The NetHack Learning Environment
Hard and diverse tasks in complex environments drive progress in Reinforcement Learning (RL) research. In this talk, I will present the NetHack Learning Environment: a scalable, procedurally generated, rich and challenging environment for RL research based on the popular single-player terminal-based roguelike NetHack game, along with a suite of initial tasks. This environment is sufficiently complex to drive long-term research on exploration, planning, skill acquisition and complex policy learning, while dramatically reducing the computational resources required to gather a large amount of experience. I compare this environment and task suite to existing alternatives, and discuss why it is an ideal medium for testing the robustness and systematic generalization of RL agents. Lastly, I demonstrate empirical success for early stages of the game using a distributed deep RL baseline, and present a comprehensive qualitative analysis of agents trained in the environment.
Tim Rocktäschel is a Research Scientist at Facebook AI Research (FAIR) London and a Lecturer in the Department of Computer Science at University College London (UCL). At UCL, he is a member of the UCL Centre for Artificial Intelligence and the UCL Natural Language Processing group. Prior to that, he was a Postdoctoral Researcher in the Whiteson Research Lab, a Stipendiary Lecturer in Computer Science at Hertford College, and a Junior Research Fellow in Computer Science at Jesus College, at the University of Oxford.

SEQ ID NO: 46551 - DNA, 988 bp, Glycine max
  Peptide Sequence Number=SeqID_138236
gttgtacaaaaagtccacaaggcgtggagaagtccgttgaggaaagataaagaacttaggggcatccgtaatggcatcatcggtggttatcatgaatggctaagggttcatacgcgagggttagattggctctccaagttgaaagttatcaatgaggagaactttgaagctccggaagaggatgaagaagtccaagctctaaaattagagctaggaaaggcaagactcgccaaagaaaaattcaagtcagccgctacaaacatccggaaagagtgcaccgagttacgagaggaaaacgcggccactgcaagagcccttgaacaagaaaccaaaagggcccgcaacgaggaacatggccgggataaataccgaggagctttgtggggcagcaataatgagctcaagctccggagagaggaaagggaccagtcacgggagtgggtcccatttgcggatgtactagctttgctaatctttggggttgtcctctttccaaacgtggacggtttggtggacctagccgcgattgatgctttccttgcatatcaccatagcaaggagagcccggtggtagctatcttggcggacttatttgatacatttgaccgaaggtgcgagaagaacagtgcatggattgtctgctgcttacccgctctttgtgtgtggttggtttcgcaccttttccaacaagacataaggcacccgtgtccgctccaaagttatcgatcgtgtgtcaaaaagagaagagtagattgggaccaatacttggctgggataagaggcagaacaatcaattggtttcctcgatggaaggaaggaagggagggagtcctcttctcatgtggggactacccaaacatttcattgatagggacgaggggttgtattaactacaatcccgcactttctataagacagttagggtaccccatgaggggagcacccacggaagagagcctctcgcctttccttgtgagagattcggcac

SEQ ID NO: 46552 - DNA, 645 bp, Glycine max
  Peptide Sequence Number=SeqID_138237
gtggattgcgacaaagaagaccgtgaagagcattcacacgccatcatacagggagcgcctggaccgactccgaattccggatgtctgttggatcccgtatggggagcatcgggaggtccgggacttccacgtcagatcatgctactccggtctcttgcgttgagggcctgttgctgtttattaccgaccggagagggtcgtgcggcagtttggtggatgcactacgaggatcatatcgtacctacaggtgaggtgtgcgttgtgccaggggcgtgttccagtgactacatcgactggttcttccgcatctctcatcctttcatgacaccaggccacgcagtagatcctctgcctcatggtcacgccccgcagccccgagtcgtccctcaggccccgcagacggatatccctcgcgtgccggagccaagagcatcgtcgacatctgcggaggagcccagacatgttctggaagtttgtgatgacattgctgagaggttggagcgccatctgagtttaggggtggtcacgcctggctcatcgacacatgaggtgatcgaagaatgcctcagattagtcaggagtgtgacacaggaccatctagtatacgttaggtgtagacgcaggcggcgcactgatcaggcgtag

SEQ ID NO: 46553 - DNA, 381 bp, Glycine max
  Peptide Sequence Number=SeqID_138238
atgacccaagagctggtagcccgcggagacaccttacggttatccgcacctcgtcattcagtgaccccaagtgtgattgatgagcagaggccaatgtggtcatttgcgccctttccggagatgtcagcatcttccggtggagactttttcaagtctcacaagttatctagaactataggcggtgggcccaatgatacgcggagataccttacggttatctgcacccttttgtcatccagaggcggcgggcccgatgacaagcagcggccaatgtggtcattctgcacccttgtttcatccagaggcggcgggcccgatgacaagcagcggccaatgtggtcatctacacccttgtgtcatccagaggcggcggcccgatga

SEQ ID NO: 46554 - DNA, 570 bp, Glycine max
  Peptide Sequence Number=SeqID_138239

Tim obtained his Ph.D. in the Machine Reading group at University College London under the supervision of Sebastian Riedel. He received a Google Ph.D. Fellowship in Natural Language Processing in 2017 and a Microsoft Research Ph.D. Scholarship in 2013. In Summer 2015, he worked as a Research Intern at Google DeepMind. In 2012, he obtained his Diploma (equivalent to M.Sc) in Computer Science from the Humboldt-Universität zu Berlin. Between 2010 and 2012, he worked as Student Assistant and in 2013 as Research Assistant in the Knowledge Management in Bioinformatics group at Humboldt-Universität zu Berlin.
Tim's research focuses on sample-efficient and interpretable machine learning models that learn from world, domain, and commonsense knowledge in symbolic and textual form. His work is at the intersection of deep learning, reinforcement learning, natural language processing, program synthesis, and formal logic.